What Does “Craft Beer” Mean Anyway?
Updated: Feb 15
Two small words that mean a mouthful - pun intended.
Hot topic on our craft beer tours in Crete, Greece,“What does craft beer mean anyway?”is a big question which I get asked by our guests on a regular basis.
Craft beer is quite different than regular, macro, commercial, or big beer in several ways.
All beer geeks have their own special definition of Craft Beer, making this topic best argued over a good pint of local brew! Here are some points to share with your fellow beer enthusiasts & keep the conversation brewing about: what makes craft beer CRAFT?
Let's dig in!
Contrary to mainstream beer hype, craft beer does NOT mean an IPA style, nor is it always bitter, nor is it a always good-tasting either! In fact, there are large-scale beers that taste much better than many craft beers I have tasted over the years.
Here are four helpful craft beer definitions to consider.
1. Definition of craft according to Merriam-Webster
CRAFT transitive verb : to make or produce with care, skill, or ingenuity
/ She is crafting a new sculpture
/ A carefully crafted story
2. The Brewers Association of the United States defines an American craft brewery as
“a small and independent brewer”.
According to them, a craft brewery must be:
SMALL: having a maximum annual production of 6 million barrels of beer (about 45 million pints or 364 olympic-size pools).
INDEPENDENTLY OWNED: only up to 25% controlled “by a beverage alcohol industry member that is not itself a craft brewer.”
BREWERS: they must have a federally issued permit and, naturally, brew beer.
3. The awesome UK-based beer geeks at The Craft Beer Channel define craft beer as:
" Craft beer is a race to the top.
It is brewed with the intention of putting flavour and process above cost.
It can be innovative or traditional, served in any format, and does not have to come from an independent or small brewery – but it must not do damage to the industry’s reputation or any other brewery’s freedom to produce beer to the best of its ability. "
4. In my humble beer-geek & beer guide opinion, craft beer definition boils down to:
innovation, craftsmanship & mindset.
As early as brewing goes (arguably 6,000 years ago in Mesopotamia), brewers had little control over the magical process of fermentation & beer-making. Until the 1850's, humans didn’t know about microorganisms & active yeasts which are responsible for creating alcohol in beer. These clever people were therefore forced to find experimental ways to alter their recipes, to make them palatable & safe to drink.
Nowadays, innovation in brewing comes through the spectrum of new styles, re-inventing historic recipes, pushing the boundaries of flavours & always looking for ways to make the best beer possible.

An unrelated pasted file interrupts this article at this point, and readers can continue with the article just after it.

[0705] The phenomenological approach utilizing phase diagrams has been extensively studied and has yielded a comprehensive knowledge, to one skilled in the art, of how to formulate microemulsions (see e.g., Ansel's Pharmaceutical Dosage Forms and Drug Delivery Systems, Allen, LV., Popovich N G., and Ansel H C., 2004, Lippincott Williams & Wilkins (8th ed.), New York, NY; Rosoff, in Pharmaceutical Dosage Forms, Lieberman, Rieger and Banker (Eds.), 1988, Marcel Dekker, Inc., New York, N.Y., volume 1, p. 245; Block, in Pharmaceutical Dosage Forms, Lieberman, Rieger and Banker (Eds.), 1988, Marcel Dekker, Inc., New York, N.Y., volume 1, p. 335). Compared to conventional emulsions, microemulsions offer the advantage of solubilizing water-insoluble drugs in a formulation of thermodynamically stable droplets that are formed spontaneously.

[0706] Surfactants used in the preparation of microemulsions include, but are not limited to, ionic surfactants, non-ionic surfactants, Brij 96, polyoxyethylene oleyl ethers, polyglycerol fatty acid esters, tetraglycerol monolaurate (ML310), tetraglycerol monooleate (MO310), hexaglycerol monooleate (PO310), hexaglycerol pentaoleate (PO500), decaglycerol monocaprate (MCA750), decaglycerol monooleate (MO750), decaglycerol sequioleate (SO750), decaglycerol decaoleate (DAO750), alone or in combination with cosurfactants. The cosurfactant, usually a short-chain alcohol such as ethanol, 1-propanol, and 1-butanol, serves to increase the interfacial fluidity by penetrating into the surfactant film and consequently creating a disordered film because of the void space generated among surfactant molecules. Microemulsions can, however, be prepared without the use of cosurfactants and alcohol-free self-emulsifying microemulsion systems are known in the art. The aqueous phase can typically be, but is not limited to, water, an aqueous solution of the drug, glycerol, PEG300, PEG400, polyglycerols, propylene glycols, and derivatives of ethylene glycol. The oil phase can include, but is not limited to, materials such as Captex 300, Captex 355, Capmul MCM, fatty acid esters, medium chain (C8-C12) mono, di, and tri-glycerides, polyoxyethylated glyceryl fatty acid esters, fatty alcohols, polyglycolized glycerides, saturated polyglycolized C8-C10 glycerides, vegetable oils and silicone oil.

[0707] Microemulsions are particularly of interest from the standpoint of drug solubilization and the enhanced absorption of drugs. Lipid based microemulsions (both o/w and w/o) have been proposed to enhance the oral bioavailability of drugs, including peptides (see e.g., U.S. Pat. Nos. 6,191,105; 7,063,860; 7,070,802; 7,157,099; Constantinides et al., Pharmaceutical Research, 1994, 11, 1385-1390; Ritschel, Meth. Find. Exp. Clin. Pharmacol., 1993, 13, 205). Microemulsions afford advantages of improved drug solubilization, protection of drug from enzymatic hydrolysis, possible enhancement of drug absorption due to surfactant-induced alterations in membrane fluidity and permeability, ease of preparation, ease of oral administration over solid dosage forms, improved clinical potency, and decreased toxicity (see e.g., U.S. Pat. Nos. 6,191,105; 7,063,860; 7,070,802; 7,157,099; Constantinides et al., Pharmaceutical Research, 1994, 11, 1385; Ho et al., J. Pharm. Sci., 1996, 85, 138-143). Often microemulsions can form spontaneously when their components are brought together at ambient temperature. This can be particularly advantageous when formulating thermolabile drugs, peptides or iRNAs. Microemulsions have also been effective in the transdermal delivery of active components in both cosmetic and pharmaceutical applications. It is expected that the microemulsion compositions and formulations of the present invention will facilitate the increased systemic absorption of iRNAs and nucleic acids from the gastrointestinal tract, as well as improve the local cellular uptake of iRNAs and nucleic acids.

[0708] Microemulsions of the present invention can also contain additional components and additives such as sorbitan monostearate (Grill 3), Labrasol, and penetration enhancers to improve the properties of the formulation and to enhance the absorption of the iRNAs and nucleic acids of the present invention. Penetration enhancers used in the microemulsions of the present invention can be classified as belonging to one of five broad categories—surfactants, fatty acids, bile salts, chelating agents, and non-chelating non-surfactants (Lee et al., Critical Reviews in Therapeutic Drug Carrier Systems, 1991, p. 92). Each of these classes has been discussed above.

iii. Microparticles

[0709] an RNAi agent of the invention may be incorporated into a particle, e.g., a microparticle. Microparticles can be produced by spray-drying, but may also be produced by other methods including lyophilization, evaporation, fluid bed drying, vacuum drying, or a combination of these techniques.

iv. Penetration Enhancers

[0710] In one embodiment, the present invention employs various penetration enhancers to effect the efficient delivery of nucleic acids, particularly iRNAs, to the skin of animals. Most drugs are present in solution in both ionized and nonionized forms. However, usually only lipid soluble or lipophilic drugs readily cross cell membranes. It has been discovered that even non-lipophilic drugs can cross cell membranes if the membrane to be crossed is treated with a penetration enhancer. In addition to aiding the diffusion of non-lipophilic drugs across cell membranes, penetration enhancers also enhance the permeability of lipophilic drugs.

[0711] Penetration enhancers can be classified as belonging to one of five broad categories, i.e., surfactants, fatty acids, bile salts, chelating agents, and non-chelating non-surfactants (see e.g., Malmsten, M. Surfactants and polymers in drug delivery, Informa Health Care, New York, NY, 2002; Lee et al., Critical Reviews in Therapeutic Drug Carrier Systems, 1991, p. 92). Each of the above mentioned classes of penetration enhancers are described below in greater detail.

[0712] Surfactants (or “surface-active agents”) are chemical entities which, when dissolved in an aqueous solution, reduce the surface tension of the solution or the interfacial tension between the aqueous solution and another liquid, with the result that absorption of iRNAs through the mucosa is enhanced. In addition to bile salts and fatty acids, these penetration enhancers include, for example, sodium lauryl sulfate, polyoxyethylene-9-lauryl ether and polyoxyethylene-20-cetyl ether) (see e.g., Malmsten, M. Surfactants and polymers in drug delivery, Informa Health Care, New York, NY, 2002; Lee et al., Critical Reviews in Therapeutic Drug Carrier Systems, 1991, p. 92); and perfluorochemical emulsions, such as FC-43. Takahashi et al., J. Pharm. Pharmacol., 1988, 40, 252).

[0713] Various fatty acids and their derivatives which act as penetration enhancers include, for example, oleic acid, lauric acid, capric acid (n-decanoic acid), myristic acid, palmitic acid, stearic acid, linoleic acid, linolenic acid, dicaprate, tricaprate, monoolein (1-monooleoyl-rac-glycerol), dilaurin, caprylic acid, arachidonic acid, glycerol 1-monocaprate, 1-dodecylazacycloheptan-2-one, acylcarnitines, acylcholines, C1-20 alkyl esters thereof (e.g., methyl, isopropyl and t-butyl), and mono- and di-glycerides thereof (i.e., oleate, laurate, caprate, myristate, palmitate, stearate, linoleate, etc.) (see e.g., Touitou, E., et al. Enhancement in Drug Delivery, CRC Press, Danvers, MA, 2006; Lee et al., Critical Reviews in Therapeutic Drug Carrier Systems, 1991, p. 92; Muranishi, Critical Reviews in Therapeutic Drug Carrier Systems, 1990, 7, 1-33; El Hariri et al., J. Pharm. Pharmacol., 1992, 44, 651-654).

Although most all breweries use machines, automation of their systems and some button-pushing, a craft beer can not be defined without the craft itself: the care for their process and product. A craftsman is someone proud of his/her work, passionate about their creations; one who is immersed in their work the same way Wolfgang Amadeus Mozart and Coco Channel were.
Craft beer was born in the 1970's as a counter-movement in the U.S.A. in opposition to beers made without soul or flavour, big-beer company solely concerned about profitability and commercial potential. Thank goodness for that change.
The ancestors of craft beer were tiny local breweries. Fresh beer served for the townspeople, by the townspeople. They were the building blocks of community, economy, politics and an essential social connector. Craft breweries support people. Not only do they provide a friendly place for people to gather and "take a load off", resolve issues, they also often collaborate with other brewers, local organizations, festivals, sports teams and fundraisers.
At the ownership level, there must be a spirit of togetherness, of “more is more” mentality, of give and take. It’s for the greater good of beer people and beer makers.
- This mindset can also apply to commercial breweries, which sometimes have more resources to care more for their community and make a positive impact.
- Be careful not to be fooled by the beer branding or bottle design. Just because it "looks craft" does not always mean that it is craft. There's a fair chance it could be owned by a soul-less multinational beverage company who only measure things in money.
Just Google the brewery and see beyond the marketing.